: The Blawgraphy
Life of a Law Student, University of Houston Law Center

Please note: I'm no longer updating this particular blog, but keep it around for archival purposes. Visit me at the current blog at

Lessig on Corruption

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Volokh on Judicial Interpretation, An Unexamined Consistency May Be Individually Suboptimal

Sasha Volokh ends Choosing Interpretive Methods: A Positive Theory of Judges and Everyone Else with this remarkable line:

I do not suggest that a foolish consistency is the hobgoblin of little minds, but, as an economist, I suggest (less eloquently) that an unexamined consistency may be individually suboptimal.

We were fortunate enough to have Prof. Volokh at the University of Houston Law Center this past year. The rest of the paper is well worth discussion but exams loom. It’s published in the Legal Workshop, a new site that’s off to an auspicious start, featuring op-ed versions of the articles published by the member law journals.

Texas is a terrible place to have a child with Autism, Make it Better

Disclaimer: I’m a little biased on this subject. Two of my best friends in the world were living in San Antonio when their 2-year old son was diagnosed with autism. While there’s no cure for autism, early, ongoing treatment of the disorder can dramatically increase the level of functionality of people with the disorder, often producing healthy, happy, productive, taxpaying, voting members of society.

My friends explored all the options with help from family that had connections in the medical community, that is to say, more resources than most folks in their situation would have at their disposal. It didn’t matter. Texas is a terrible place to raise a child with autism. They moved to Vermont.

While in Texas the best they could do was a version of daycare with only group supervision of autistic children that spanned the gamut from high to very low functioning. The cost was upwards of $2,000 a month. In Vermont they have a team of specialists that make regular house visits to work with their son one-on-one in their own home. The cost is picked up by the state.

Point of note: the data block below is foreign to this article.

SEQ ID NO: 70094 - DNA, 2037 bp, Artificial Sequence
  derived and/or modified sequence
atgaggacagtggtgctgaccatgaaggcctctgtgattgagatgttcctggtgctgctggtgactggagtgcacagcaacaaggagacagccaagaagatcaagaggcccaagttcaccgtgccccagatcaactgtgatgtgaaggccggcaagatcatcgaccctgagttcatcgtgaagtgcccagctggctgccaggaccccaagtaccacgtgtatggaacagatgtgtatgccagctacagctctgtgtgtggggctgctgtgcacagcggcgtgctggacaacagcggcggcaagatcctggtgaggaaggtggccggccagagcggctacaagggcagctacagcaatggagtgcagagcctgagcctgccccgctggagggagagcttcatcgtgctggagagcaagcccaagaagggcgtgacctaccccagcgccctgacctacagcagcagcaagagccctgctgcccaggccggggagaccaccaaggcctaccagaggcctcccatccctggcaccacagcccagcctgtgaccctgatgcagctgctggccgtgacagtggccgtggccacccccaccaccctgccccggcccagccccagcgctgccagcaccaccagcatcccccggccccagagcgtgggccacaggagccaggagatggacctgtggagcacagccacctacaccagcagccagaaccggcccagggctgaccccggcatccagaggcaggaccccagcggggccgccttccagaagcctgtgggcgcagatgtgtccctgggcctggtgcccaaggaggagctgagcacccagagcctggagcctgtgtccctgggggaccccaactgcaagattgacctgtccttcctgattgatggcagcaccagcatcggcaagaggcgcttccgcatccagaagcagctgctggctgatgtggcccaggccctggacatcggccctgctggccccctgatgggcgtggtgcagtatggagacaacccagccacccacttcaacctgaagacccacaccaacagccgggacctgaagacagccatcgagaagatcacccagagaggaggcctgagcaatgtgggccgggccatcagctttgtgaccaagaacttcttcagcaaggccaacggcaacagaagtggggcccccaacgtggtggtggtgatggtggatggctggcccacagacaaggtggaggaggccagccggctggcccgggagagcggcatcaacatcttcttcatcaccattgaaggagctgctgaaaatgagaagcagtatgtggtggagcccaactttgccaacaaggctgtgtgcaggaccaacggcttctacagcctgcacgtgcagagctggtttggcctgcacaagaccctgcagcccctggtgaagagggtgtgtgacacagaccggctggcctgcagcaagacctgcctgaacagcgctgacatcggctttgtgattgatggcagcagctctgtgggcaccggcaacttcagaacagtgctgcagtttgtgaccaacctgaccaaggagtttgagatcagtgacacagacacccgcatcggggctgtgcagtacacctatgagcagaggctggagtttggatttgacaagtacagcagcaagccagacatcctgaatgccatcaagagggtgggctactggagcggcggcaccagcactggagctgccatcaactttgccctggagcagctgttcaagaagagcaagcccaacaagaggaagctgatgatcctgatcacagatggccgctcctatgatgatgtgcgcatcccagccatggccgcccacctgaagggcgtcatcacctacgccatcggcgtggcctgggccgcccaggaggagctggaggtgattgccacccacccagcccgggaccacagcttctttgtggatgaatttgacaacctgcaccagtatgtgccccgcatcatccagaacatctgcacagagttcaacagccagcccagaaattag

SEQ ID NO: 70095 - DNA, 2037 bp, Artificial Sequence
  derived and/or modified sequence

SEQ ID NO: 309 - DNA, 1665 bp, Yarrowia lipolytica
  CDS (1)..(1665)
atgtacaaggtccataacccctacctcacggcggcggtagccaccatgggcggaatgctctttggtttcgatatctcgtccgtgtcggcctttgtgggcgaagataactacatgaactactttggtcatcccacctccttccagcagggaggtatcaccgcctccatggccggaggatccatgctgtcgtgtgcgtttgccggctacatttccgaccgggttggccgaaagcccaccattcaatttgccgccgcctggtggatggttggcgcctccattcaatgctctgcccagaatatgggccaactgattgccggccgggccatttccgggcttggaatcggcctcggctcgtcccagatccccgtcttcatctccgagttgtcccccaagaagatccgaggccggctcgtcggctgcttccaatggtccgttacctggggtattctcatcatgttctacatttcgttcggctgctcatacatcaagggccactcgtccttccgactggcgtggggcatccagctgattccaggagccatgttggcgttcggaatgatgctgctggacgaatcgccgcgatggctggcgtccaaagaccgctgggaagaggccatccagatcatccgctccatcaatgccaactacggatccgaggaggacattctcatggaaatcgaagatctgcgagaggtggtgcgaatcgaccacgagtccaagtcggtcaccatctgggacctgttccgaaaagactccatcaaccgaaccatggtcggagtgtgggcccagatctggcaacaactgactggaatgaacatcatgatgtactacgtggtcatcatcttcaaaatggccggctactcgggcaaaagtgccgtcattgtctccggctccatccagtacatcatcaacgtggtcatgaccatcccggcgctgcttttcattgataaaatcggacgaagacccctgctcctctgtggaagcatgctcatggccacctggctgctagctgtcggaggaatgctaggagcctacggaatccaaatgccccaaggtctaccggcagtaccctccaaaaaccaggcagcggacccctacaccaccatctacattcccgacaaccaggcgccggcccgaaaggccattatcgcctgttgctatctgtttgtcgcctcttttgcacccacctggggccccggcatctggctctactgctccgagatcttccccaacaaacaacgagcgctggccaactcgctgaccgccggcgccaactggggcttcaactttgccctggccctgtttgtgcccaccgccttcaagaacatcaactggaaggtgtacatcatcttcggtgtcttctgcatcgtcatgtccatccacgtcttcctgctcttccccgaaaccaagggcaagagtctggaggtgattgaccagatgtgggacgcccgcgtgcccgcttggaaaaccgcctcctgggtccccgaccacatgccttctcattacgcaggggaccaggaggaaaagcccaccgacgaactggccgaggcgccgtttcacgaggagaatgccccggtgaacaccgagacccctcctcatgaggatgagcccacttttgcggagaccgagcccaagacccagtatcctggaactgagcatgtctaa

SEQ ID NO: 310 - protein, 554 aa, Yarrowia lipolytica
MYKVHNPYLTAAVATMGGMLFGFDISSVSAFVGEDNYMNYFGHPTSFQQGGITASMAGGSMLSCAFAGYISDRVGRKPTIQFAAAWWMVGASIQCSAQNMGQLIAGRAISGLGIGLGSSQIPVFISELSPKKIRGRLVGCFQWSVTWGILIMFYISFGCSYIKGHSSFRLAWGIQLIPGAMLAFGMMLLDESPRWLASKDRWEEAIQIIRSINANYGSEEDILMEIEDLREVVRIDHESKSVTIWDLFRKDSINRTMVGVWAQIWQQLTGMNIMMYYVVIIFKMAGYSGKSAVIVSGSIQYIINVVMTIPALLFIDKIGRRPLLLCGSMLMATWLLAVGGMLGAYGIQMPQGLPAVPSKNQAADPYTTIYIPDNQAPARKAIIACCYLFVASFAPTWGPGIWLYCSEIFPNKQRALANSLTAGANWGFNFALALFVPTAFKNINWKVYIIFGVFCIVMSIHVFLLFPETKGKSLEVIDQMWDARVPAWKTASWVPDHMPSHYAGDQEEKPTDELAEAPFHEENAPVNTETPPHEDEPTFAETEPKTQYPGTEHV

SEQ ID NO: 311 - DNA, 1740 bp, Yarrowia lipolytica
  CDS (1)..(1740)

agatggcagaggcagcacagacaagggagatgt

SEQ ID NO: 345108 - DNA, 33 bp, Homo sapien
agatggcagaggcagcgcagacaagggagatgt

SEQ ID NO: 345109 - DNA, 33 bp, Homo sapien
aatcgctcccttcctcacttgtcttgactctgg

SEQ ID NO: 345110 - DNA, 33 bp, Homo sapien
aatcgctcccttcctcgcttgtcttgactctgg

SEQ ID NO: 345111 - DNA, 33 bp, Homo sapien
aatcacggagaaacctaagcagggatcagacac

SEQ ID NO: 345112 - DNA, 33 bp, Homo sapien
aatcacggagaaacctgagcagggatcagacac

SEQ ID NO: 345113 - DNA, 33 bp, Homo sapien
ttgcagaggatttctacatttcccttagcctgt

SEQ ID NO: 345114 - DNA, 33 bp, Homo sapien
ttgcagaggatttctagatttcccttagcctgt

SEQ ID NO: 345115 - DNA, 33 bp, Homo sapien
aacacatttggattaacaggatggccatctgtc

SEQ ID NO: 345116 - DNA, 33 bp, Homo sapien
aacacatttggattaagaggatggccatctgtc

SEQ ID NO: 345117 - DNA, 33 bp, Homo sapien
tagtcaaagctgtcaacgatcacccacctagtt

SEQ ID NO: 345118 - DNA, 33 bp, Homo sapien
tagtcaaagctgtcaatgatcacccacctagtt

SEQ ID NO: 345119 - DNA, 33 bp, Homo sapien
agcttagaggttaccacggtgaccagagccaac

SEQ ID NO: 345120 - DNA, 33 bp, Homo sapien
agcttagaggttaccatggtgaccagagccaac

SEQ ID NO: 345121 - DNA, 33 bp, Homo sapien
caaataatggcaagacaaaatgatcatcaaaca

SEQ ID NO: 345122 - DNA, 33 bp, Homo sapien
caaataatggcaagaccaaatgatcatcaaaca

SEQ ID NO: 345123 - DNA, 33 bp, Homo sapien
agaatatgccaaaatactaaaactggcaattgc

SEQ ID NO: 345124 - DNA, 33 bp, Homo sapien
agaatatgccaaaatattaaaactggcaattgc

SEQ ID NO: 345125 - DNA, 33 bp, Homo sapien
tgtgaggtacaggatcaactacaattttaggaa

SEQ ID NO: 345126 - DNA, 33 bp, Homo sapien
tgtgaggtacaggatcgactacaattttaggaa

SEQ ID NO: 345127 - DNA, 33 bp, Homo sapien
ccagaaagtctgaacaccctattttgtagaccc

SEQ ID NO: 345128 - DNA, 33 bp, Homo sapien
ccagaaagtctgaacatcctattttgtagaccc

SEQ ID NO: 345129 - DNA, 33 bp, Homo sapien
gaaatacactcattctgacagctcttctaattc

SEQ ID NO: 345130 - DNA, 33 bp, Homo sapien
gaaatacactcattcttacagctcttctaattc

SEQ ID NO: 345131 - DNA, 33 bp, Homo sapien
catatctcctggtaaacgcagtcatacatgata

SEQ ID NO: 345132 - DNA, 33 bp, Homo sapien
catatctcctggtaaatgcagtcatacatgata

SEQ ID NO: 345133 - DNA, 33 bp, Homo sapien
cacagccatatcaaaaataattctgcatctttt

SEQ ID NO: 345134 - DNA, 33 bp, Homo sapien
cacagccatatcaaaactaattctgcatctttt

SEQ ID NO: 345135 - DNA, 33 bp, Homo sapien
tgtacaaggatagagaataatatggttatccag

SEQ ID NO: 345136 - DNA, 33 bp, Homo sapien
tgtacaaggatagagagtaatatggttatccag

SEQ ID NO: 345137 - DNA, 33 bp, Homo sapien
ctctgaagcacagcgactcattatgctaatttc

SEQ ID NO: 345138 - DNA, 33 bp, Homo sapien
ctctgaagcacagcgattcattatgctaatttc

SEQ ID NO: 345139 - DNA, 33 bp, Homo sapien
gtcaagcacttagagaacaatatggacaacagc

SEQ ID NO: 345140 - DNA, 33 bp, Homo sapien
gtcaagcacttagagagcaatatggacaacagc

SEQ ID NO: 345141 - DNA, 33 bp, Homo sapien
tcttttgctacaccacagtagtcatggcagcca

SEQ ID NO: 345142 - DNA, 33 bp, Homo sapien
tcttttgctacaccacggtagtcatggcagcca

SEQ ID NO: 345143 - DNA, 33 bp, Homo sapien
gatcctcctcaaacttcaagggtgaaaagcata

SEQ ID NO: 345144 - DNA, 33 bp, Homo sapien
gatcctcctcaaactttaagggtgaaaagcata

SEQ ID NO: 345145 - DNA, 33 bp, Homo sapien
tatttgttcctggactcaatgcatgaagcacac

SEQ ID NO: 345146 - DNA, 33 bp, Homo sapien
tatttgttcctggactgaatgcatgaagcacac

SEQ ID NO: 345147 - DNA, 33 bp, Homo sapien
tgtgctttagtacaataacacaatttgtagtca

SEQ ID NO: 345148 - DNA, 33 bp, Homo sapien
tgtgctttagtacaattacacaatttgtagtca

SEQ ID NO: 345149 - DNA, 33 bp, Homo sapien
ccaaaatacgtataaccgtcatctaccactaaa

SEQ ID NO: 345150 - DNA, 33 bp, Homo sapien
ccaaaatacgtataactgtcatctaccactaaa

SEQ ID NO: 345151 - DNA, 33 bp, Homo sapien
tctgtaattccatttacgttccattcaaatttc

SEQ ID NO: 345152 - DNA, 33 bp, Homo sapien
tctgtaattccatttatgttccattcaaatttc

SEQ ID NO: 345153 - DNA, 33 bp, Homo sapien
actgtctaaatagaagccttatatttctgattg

The Vermont approach has costs of course. The treatment is funded by tax dollars. We shouldn’t ignore the costs of Texas’ do-nothing approach either. People like my friends leave and those who might consider coming to Texas for a job think twice.

According to a friend of mine who works in the law center, the Law Library was considering a potential hire from out of state and was impressed enough to offer the candidate a job on the spot. The catch? That person had a child with autism and decided to keep looking rather than raise that child in Texas.

I mention these stories because Off the Kuff alerts us that Governor Perry is considering vetoing HB 1919, a bill that would reclassify autism as a neurological disorder rather than a mental illness, requiring insurance companies to cover treatment for autistic children from 3-5 years of age. HB 1919 has passed both houses, but according to the San Antonio Express News, the Texas Association of Business is pushing for the veto.

Read the Full Text of HB 1919

More reactions and analysis from Autism Bulletin Blog, Dig Deeper Texas, A Perfectly Cromulent Blog

Student Loan Repayment Assistance for Prosecutors, Defenders

As previously mentioned in Public Sector Attorney Loan Repayment; U.S. Public Service Academy, H.R. 916: John R. Justice Prosecutors and Defenders Incentive Act of 2007 has passed the house and awaits the Senate. If that sounds a bit hazy, take this opportunity to brush up on your legislative process.

According to the bill’s sponsor, Georgia Democrat David Scott, H.R. 916 aims to do the following:

  • Establishes a program of student loan repayment for borrowers who agree to remain employed, for at least three years, as State or local criminal prosecutors or as State, local or Federal public defenders in criminal cases;
  • Allows eligible attorneys to receive student loan debt repayments of up to $10,000 per year, with a maximum aggregate over time of $60,000;
  • Covers student loans made, insured or guaranteed under the Higher Education Act of 1965, including consolidation loans;
  • Permits attorneys to enter into additional loan repayment agreements, after the required three-year period, for additional periods of service;
  • Requires attorneys to repay the government if they do not complete their required period of service; and
  • Authorizes $25 million per year through FY 2013 after which the program would sunset unless re-authorized.

See WSJ: Uncle Sam Wants You and Will Pay Off Your Loans

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